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Pioneers Go Pink
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Pink is the Pioneers’ new obsession, and it is for a great cause.
Over the last few weeks, several Warren County sports teams have hit the field or walked on the court sporting pink socks, arm bands and cleats as Pioneers and Lady Pioneers are trying to raise breast cancer awareness.
October is national Breast Cancer Awareness month and the national trend of wearing pink has trickled down to local sports teams during action over the last two weeks.
On Oct. 8, the Warren County Middle School boys and girls basketball teams wore pink socks during games against the Morrison Eagles at home while the Warren County High School junior varsity football team had players sporting pink wrist bands, socks and shoe strings during a 14-12 win over Coffee County.
The football team picked up its efforts to raise awareness last Friday when the Pioneers all wore pink socks against the White County Warriors, which coincided with the school celebrating Pink-Out day.
The idea of “pink-out” games are nothing new to Warren County, especially during the tenure of Warren County High School girls basketball coach Erick Baird.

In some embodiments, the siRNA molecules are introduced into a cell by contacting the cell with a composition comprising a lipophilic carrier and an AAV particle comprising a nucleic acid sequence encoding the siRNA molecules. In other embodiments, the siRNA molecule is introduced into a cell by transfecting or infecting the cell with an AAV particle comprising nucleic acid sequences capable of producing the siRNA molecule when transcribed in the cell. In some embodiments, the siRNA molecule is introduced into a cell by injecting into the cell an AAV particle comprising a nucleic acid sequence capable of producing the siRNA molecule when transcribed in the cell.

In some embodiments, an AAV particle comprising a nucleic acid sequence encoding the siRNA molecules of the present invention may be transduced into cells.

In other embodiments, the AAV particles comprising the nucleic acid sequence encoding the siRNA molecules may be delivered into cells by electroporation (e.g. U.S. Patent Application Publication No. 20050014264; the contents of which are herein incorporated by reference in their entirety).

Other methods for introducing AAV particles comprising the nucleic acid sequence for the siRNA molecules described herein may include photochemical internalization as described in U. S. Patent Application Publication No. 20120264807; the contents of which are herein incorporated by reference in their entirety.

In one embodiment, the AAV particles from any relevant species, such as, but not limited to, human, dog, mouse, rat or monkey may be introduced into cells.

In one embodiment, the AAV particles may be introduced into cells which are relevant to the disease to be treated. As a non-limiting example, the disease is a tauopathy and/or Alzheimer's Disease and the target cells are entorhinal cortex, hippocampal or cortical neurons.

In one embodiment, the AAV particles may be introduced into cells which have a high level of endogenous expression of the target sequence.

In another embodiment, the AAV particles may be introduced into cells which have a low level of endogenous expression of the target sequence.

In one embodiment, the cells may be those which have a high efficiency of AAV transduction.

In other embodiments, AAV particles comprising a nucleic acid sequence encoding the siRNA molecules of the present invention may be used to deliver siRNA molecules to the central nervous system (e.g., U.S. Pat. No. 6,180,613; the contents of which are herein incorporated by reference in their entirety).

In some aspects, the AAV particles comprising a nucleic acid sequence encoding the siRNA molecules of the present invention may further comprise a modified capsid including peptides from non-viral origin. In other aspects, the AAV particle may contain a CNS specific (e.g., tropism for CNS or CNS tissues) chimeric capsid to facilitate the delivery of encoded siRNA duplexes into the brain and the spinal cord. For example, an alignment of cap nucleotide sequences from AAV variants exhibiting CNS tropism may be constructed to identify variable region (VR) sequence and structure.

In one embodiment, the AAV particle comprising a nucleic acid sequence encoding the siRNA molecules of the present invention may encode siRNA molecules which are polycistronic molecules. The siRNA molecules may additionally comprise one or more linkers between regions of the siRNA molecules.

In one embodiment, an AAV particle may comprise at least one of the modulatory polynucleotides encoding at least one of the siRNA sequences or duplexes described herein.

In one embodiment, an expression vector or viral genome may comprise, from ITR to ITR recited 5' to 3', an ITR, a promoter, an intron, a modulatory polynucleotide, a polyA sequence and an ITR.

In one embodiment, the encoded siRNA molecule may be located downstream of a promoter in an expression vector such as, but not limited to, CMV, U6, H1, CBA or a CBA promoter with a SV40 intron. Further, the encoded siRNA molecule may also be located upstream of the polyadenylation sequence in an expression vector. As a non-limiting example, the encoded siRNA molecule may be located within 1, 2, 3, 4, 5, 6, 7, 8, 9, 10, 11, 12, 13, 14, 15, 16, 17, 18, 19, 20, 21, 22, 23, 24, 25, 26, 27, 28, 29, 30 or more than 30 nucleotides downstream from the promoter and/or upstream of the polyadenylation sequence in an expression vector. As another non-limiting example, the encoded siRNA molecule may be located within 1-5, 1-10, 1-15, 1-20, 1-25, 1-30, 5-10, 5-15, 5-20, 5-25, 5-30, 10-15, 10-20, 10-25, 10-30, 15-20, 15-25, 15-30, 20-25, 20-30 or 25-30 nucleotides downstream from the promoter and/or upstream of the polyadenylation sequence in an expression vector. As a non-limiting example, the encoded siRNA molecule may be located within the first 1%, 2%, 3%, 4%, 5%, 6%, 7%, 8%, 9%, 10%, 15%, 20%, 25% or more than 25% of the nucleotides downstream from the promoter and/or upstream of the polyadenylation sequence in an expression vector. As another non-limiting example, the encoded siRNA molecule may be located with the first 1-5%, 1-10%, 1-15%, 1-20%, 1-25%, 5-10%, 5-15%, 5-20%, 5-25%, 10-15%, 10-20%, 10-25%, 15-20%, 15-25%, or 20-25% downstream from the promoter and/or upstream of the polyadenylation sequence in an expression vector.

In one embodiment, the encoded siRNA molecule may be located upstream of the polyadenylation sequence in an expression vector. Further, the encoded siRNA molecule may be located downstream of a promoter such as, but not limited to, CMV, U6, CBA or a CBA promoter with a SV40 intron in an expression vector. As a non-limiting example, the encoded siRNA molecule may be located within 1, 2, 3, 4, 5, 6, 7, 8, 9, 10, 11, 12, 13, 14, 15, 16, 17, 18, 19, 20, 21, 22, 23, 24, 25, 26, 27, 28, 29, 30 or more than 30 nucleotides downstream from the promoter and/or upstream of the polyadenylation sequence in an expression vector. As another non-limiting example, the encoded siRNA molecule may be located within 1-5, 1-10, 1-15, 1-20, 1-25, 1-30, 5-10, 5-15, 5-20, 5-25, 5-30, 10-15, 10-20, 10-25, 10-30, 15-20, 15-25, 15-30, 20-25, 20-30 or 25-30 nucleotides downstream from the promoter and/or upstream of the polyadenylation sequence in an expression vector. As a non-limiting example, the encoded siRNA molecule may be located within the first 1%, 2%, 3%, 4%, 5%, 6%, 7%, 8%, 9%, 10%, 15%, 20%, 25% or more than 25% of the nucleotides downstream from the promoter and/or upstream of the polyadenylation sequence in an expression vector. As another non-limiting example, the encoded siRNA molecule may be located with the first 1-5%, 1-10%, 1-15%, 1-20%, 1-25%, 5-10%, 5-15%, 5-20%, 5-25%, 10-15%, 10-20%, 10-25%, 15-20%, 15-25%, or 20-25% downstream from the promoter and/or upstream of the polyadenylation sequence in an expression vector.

The Lady Pioneers have had Pink-Out games scheduled the past two seasons with proceeds from T-shirt sales and game revenue going to the Kay Yow cancer research foundation.
Pink-Out night was canceled last year on the final night of the regular season due to weather conditions, so coach Baird moved up the date of the game this season.
The Lady Pioneers will play in the “Think Pink Hall of Fame” Thursday, Nov. 15 at Charlie Dalton Gym.
Coach Baird is hopeful the move will help generate even more money for cancer research, where Warren County has helped raise thousands of dollars in the past two years.
“We’ve raised about $2,500 the last two years with our Pink-Out games,” said Baird. “With more games this year, we’re hoping to generate even more money for cancer research.
“This is a big issue that has grown in awareness. I don’t think there’s anybody who doesn’t know somebody who hasn’t been affected by breast cancer. We want to continue to aid in the search for a cure.”
Incorporating pink into outfits was usually as simple as buying a ribbon, but one Jaycee basketball team may be taking the idea one step further this season.
Jaycee commissioner Darrell Austin got the request this year from one team to make their team colors pink and white after a 12-year-old team member made the suggestion the group could play a season in hopes of raising awareness.
Pink may not be a color just for the girls anymore, but for a great cause it seems everybody can be pretty in pink.